Universitätsbibliothek HeidelbergUniversitätsbibliothek Heidelberg

Evans, Arthur J.
The Palace of Minos: a comparative account of the successive stages of the early Cretan civilization as illustred by the discoveries at Knossos (Band 4,2): Camp-stool Fresco, long-robed priests and beneficent genii [...] — London, 1935

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IVT cenae. The 'Shield of Achilles' preserves the memory both of Minoan
1 nioue and of an artistic composition akin to that of the Knossian Mosaic
1 vino- a town and its surroundings, with trees, cattle, and warriors.
Heroic episodes, such as the combat between Hector and the Telamonian
Aiax or the fall of Periphetcis, already find their anticipation in Minoan
• taoiios. If we may imagine that some earlier lay had in the same way
contained the tale of the jettison and recovery of the ring of Minos, a not
inappropriate illustration would have been found for its subject in the
picturesque and finely engraved design on the recently emerged signet that
led to the discovery of the Temple Tomb. The Lady of the Sea who there
appears crossing the waves on her hippocamp-shaped prow—Amphitrite in
her earlier form—was here, indeed, the divine protectress of no alien hero,
but of Minos himself.

Tradition of Minos' Expedition to Sicily and his Double Monument there-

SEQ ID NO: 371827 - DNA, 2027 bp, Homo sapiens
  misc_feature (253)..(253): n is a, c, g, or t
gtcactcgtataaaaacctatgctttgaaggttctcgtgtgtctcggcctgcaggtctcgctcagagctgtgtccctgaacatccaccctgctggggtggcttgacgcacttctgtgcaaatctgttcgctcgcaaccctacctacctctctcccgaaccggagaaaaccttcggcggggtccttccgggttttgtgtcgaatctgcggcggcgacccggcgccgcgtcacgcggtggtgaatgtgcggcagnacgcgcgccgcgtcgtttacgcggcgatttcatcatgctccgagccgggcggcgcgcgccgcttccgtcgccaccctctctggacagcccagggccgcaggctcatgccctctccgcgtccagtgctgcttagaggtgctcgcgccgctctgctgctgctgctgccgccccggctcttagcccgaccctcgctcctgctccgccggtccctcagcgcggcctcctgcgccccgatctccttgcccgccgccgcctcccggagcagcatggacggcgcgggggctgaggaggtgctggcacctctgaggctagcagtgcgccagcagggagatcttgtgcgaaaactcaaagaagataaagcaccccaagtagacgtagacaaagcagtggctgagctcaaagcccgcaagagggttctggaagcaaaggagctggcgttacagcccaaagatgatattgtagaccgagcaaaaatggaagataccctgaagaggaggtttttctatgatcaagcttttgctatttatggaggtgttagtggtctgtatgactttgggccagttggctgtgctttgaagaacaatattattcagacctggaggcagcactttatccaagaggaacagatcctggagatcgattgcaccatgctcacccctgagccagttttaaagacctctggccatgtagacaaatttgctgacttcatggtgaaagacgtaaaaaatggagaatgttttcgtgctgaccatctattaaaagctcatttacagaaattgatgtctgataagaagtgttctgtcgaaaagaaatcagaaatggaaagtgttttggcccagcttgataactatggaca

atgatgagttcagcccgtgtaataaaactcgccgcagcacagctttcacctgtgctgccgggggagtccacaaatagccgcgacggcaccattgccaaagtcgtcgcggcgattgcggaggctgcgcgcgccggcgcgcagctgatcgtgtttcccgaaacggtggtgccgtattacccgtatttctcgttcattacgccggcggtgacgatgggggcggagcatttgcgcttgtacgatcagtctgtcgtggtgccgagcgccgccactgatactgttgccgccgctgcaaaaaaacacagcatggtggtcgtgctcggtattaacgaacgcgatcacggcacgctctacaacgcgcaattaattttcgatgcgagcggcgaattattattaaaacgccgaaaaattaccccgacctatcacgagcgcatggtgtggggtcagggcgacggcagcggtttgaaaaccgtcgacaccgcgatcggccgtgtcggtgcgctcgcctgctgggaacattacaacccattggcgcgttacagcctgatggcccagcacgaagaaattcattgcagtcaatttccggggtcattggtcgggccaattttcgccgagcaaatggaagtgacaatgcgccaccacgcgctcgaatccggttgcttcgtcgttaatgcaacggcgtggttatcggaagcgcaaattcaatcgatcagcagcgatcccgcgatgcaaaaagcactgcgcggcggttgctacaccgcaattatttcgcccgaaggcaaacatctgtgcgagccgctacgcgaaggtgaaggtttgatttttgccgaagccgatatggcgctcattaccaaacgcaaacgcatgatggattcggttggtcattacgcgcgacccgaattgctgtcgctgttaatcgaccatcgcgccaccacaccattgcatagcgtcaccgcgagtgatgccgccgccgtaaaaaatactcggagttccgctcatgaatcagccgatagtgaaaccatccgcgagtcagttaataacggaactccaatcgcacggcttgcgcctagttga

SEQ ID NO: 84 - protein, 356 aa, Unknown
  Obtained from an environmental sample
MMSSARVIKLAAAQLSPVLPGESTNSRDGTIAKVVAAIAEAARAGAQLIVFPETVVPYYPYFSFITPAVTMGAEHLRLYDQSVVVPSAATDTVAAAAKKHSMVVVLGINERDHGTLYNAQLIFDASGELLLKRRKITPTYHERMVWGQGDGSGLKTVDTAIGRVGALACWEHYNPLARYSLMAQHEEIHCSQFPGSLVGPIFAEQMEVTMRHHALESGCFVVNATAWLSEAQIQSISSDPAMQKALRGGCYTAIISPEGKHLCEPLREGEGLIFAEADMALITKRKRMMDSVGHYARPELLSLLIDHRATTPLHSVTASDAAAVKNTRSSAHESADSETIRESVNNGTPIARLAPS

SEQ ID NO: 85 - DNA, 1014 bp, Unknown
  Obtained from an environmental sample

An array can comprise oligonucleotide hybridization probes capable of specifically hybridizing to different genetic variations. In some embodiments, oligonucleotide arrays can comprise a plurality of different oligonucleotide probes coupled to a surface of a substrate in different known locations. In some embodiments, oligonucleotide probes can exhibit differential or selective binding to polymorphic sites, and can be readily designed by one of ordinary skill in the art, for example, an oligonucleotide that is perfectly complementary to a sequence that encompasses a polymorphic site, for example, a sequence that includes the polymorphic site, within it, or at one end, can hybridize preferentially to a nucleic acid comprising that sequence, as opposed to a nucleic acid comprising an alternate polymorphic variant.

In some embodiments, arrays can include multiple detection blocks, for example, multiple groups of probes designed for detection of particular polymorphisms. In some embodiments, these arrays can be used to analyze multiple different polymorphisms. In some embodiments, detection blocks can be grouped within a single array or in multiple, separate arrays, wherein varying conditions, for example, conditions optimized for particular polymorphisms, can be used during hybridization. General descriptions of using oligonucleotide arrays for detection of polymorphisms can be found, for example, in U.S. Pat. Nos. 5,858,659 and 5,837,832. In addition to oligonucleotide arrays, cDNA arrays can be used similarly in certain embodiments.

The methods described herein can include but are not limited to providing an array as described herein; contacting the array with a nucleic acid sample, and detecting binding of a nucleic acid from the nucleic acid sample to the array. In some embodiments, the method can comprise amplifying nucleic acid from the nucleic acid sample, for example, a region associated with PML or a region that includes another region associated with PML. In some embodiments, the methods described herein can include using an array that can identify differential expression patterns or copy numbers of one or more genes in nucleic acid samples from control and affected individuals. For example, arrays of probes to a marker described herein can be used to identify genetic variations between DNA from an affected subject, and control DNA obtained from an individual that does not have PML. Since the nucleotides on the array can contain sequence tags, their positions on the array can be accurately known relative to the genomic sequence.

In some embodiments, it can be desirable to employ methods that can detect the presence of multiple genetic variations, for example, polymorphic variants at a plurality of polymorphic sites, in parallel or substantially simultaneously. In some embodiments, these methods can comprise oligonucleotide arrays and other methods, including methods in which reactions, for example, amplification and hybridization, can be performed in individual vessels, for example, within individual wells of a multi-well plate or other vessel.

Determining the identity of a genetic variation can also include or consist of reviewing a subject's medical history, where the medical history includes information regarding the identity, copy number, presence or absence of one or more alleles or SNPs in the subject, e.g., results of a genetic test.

Temple and Tomb.

There exists, moreover, a literary authority for an episode—linking Tradition
Crete with Sicily—which has found another remarkable illustration in the Tomb of
actual structural character of the Temple Tomb described below. *'!,nos'"

Throughout the whole story of discovery that has shown Crete to have
been the scene of a civilization far anterior to the Greek, nothing has been
more striking than the confirmation thus brought to light of the early
traditions preserved by the Sicilian historian Diodoros. We know that Epi-
one of his authorities was the Cretan prophet Epimenides of Knossos—
also spoken of as a ' divine' (tlieologos) in the same sense as the writer of
Revelations—who is truly said to have had one foot in an older World.
To him was due a long epic on 'Minos and Rhadamanthos' and, though
writing in Greek at the end of the Seventh Century B.C., he may well have
been acquainted with Sagas in the older tongue, still current. Was he not
a member of a Guild of ' Kuretes', whose traditional names are of Old
Carian relationship ?

The statement that the Phoenicians had not invented letters but had Cretan

only adapted an existing (Cretan) system was never considered worthy of preserved

serious consideration till nearly two thousand clay documents in an advanced *X D'°"
y J J doros.

linear script came to light in the Palace archives at Knossos. What more
signal confirmation, again, could be imagined of the claims put forward for
tne religious indebtedness of Greece in her most holy places to Minoan
Crete than the emergence from beneath the inner sanctuary of the Delphian